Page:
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threw the student across the room. that's not a proper technique and should not be used in law enforcement. >> the sheriff also made clear that the officer's actions leading up to the point when he threw the student across the room when he threw the student across the room and it was the throwing the student that led to his firing. charles hadlock is in columbia, south carolina. some of what the sheriff had to say, immediately on social media, you saw the backlash, that he seemed to defend the officer. >> he's not defending the officer. he's saying the responsibility lies with the student for starting this incident. it appears that it was just a frustrating moment for everyone this that classroom with an obstinate student. but it was the lack of training for how to handle the situation, that the sheriff said was broken
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and he had to take action. here's what he had to say about the student's responsibility, as to what started it all. >> we must not lose sight that this whole incident started by this student. she is responsible for initiating that action. we also have to put responsibility on her for disrupting that school, disrupting that class, and causing this incident to start from the very beginning. >> no charges have been filed against the officer, it's up to the fbi and the justice department whether any civil rights violations occurred in that classroom. >> all right, charles, thanks so much. turning now to wall street, where stocks ended the day in positive territory. kate? >> that's right. market closing higher after the fed decided not to hike interest rates yet again. dow jumping 198 pounds. s&p up by 24. nasdaq rising 65 points. that's it in cnbc, first in business worldwide.
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royalty in the nation's capital today. britain's prince harry just wrapped up a meeting with president obama in the oval office. the prince is in the states promoting the invikt us games for veterans which will be held in orlando next year. keir simmons has been following his visit and joins us now. he's only here for a brief trip, 24 hours. >> yeah, that's right, kate. and i'm going to be careful to just speak a little bit quietly, because we are inside the british embassy and prince harry is speaking as i speak just through the glass doors there. i can see him making the speech.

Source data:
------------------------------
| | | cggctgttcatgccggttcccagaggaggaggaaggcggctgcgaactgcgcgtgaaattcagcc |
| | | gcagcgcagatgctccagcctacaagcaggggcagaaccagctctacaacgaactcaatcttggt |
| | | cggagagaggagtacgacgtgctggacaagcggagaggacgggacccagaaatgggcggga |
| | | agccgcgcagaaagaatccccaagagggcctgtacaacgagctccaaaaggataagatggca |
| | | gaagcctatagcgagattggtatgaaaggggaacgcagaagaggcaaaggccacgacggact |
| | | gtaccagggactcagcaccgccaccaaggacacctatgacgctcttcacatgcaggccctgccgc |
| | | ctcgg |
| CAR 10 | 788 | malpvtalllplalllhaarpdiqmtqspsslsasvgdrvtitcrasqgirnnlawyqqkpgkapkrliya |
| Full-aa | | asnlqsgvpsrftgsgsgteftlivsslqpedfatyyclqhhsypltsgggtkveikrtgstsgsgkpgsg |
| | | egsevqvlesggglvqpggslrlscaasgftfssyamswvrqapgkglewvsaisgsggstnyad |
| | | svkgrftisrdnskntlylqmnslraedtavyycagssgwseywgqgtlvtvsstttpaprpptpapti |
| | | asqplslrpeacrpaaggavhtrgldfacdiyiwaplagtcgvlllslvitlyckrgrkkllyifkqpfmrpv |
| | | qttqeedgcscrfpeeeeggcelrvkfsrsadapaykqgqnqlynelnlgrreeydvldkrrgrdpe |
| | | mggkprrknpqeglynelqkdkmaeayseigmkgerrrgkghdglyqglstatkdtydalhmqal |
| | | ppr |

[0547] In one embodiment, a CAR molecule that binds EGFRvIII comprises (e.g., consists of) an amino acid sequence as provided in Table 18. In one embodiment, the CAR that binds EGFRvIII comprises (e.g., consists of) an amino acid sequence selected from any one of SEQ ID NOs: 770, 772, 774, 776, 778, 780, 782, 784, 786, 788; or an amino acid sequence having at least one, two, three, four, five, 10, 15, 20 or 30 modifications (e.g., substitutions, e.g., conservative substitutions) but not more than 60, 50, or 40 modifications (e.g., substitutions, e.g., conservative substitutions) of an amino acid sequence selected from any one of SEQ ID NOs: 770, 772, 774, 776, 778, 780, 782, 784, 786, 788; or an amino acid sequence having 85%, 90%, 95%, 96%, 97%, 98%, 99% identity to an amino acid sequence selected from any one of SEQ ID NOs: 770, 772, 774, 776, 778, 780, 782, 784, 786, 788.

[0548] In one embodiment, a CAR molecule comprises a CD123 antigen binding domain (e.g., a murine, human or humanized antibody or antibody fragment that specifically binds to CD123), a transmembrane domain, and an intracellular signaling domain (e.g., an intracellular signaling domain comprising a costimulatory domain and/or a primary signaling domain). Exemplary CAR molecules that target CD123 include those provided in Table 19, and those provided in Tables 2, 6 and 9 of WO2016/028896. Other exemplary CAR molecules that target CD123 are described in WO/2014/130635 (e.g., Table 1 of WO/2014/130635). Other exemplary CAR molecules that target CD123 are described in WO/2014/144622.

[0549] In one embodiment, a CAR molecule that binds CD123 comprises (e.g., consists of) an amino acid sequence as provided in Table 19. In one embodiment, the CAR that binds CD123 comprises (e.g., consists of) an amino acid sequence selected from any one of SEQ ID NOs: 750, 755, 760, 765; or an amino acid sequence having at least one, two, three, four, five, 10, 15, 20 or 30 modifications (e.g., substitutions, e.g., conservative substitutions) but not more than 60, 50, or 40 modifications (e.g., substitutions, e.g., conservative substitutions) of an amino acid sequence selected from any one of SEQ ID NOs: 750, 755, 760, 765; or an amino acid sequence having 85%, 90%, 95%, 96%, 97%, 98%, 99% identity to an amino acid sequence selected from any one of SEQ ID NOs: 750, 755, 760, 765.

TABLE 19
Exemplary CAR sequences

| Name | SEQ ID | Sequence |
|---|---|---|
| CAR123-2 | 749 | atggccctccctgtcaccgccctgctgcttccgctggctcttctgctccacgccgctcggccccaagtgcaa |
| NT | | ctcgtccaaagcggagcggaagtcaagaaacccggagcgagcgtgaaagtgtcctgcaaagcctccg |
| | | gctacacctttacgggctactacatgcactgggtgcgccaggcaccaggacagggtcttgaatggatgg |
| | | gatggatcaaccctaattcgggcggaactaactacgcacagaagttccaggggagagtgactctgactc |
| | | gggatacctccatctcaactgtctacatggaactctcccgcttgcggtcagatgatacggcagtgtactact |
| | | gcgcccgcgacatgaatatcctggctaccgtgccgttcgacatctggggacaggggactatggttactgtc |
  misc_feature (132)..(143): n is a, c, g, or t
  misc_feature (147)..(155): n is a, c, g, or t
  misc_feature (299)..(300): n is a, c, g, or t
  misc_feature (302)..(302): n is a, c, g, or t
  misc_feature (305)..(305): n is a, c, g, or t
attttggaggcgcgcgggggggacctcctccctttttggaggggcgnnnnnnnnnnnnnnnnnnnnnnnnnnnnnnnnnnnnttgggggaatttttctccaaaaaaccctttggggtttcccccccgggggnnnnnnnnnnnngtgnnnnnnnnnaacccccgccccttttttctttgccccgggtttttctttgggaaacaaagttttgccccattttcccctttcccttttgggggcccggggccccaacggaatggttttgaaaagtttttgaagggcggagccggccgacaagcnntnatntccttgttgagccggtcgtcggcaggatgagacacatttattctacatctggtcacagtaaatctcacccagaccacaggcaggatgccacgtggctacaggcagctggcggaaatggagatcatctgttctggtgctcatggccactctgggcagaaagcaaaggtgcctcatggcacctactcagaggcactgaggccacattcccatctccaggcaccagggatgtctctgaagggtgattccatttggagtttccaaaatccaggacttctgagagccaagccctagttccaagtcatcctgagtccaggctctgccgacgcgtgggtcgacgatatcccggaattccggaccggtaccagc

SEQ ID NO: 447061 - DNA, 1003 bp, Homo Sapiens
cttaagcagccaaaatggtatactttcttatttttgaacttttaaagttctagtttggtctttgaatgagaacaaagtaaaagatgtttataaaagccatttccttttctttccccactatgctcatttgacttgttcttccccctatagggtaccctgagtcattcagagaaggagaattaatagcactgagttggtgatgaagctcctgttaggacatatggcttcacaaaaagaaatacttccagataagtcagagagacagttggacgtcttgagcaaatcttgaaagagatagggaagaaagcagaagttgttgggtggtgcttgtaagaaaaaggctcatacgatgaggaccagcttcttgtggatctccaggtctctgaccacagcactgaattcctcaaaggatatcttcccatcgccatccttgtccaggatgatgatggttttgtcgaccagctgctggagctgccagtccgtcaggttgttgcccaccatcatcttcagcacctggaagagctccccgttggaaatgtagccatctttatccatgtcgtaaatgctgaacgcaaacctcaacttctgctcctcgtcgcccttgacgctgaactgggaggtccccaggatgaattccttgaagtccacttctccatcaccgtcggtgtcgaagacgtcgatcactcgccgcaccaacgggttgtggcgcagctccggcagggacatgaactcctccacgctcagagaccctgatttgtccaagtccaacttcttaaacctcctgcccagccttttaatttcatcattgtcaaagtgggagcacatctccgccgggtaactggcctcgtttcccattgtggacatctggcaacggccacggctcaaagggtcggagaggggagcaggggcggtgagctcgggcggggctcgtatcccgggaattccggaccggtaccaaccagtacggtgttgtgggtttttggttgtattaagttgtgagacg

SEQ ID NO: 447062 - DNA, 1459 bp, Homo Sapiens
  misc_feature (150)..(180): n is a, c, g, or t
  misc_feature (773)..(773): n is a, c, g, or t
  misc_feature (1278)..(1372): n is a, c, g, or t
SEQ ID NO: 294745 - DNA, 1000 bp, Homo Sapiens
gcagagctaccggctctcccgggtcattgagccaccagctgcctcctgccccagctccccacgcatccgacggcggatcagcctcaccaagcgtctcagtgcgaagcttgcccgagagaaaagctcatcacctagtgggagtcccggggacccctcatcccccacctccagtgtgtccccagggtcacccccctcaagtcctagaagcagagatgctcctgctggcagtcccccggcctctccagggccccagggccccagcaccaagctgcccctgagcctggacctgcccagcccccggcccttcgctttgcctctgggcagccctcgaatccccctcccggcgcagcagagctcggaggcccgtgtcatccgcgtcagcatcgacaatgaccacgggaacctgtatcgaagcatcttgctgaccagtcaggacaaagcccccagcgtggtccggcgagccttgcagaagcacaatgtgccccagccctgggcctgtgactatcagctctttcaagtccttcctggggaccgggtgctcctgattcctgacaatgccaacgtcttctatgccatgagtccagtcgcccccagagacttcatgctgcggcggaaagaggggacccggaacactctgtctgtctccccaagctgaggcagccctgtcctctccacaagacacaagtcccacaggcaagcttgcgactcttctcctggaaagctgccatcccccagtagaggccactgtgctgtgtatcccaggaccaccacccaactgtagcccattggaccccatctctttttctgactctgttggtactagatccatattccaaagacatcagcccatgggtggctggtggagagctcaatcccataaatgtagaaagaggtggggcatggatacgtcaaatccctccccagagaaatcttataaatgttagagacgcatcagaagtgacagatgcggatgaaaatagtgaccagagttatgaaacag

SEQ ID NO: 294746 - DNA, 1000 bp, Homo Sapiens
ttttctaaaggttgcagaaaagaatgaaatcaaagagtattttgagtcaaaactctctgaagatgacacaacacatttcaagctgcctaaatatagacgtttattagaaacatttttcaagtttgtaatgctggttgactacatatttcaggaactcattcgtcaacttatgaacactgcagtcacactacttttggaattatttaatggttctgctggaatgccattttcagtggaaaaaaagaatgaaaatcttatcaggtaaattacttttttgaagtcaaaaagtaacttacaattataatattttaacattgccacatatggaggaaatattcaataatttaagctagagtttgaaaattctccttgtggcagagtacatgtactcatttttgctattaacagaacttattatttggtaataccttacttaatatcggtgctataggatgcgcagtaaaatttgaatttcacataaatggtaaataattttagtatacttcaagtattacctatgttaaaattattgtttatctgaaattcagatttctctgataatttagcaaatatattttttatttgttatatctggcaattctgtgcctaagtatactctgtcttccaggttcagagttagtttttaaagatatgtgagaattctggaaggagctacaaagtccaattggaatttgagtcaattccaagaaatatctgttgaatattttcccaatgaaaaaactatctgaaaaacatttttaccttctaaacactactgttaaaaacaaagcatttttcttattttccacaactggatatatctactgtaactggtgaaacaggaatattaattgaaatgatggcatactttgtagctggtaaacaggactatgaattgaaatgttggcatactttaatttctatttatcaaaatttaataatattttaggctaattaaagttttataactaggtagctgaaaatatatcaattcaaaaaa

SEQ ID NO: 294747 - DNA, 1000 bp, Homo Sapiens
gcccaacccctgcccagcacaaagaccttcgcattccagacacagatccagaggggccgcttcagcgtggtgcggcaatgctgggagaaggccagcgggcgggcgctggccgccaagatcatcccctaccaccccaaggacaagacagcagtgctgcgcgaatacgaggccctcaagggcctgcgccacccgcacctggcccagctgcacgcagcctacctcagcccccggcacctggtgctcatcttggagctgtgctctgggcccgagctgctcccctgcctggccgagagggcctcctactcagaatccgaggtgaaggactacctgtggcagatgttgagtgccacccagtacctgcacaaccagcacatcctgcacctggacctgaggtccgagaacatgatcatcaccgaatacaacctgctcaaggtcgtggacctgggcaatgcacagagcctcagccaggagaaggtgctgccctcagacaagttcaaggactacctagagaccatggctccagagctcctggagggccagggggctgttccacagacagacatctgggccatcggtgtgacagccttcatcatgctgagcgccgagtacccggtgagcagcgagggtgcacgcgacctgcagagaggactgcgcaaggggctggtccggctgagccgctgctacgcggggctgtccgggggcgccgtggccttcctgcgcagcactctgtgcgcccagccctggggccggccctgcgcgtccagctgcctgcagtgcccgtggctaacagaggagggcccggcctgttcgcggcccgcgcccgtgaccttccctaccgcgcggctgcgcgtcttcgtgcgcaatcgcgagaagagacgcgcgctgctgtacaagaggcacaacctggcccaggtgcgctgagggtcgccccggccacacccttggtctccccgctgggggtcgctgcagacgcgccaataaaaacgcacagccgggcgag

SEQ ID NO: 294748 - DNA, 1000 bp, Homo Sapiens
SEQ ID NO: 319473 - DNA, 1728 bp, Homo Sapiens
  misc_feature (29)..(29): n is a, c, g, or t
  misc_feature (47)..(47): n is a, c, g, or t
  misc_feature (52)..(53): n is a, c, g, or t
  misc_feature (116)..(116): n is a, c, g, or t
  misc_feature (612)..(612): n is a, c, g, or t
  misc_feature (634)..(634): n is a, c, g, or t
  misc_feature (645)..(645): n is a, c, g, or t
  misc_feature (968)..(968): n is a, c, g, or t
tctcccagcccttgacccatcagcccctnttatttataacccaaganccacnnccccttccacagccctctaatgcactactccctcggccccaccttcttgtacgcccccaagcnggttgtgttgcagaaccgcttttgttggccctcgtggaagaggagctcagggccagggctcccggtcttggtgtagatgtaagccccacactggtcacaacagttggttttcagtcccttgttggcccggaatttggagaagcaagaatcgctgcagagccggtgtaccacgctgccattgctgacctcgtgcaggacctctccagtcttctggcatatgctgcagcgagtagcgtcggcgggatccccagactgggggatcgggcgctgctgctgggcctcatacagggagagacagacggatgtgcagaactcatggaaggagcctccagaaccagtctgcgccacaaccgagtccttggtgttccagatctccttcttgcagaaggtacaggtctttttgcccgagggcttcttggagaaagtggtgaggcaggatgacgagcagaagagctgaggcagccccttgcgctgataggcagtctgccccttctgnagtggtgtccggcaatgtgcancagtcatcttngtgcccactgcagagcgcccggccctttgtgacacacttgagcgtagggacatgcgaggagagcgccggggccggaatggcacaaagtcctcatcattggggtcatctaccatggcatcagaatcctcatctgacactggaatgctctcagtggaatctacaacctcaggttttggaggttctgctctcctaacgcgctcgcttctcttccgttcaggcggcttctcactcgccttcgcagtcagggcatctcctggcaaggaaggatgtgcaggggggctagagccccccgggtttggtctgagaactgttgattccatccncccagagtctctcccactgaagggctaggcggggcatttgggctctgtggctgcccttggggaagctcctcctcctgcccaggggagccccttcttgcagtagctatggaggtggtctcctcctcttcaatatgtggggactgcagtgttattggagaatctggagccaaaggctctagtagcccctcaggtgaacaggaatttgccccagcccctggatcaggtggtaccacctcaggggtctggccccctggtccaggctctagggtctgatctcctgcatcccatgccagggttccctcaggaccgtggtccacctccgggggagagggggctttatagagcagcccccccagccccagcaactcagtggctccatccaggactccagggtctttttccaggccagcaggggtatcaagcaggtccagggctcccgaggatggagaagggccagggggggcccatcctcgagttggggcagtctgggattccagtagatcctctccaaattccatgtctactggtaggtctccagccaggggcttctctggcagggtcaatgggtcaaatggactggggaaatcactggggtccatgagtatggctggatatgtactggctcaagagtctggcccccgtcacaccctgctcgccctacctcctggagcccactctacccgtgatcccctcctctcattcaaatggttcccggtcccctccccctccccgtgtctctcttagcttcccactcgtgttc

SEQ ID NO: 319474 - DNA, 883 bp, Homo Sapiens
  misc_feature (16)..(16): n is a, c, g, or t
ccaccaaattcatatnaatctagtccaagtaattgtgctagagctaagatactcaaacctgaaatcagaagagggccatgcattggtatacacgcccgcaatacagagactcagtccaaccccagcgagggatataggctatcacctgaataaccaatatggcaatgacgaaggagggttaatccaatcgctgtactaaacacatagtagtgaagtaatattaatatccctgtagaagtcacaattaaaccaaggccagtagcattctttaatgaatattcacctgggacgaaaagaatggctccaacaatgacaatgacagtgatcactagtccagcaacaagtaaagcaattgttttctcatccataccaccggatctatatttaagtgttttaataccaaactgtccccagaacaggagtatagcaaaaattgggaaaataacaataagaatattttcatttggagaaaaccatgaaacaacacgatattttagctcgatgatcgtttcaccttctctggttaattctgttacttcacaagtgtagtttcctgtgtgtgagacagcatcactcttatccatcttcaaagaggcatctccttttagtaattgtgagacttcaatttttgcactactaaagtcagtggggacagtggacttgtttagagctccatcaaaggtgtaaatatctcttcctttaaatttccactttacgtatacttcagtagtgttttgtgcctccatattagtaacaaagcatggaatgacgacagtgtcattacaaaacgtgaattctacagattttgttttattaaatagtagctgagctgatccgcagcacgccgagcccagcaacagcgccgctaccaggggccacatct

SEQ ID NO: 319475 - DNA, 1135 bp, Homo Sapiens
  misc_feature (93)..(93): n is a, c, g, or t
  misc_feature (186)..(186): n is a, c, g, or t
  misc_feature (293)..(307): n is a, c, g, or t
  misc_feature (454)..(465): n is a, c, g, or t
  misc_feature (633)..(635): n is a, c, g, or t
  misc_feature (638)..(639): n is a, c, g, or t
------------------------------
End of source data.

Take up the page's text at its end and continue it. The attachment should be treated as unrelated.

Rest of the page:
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and because it's so important because he's here as you mentioned, to promote the invikt us games, which is his kind of olympic games for wounded warriors. that will take place in may in florida next year. he just came from the white house, meeting president obama, where the president talked about prince harry's relationship with the first lady. she was with him at a basketball game just this afternoon, and it was a wheelchair basketball. they sat and watched and clearly enjoyed it. what was really moving, michelle obama stood up and spoke about the prince's commitment to wounded warriors. the prince stood up and said, i've got tears in my eyes. and then talked about how when he was on his tours in afghanistan, he would travel back on a plane with servicemen and women who had been seriously injured, and it was there that he decided that he had to do something. he actually borrowed the idea from here in the states, but decided that he would have a
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games for many, many countries, and they expect next year that 15 countries, 500 injured servicemen and women will take part in these games. kate? >> this is something that is a deeply held belief by the prince. this is something that he believes in, so much. >> right. that's right. i think like so many veterans, he left serving and had to figure out what it was he needed to do. and also, as a member of the royal family, but not gonna be the monarch, he needed to sort of work out what his path in life was. and he's clearly finding that. he clearly feels really so passionately about his comrades in arms, if you like, the people who aren't as lucky as him, not just in the sense that they're not a royal, but also because they've been injured. even if their injuries, post-traumatic stress, but still
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something we really have to take seriously. >> keir simmons, out of the london bureau, making a quick trip across the pond to washington. thanks so much. >> that does it for us. i'm kate snow. "mtp daily" starts right now. ♪ >> if it's wednesday, it's desperation time for some republican 2016 hopefuls. and tonight's key debate could deliver a rocky mountain high, or a runaway boulder that smashes them flat. this is "mtp daily." we're live from boulder, colorado, and it starts right now. ♪ ♪ >> hello from boulder, it is one of those days in colorado that reminds you why people that live here never leave here. just an hour away from the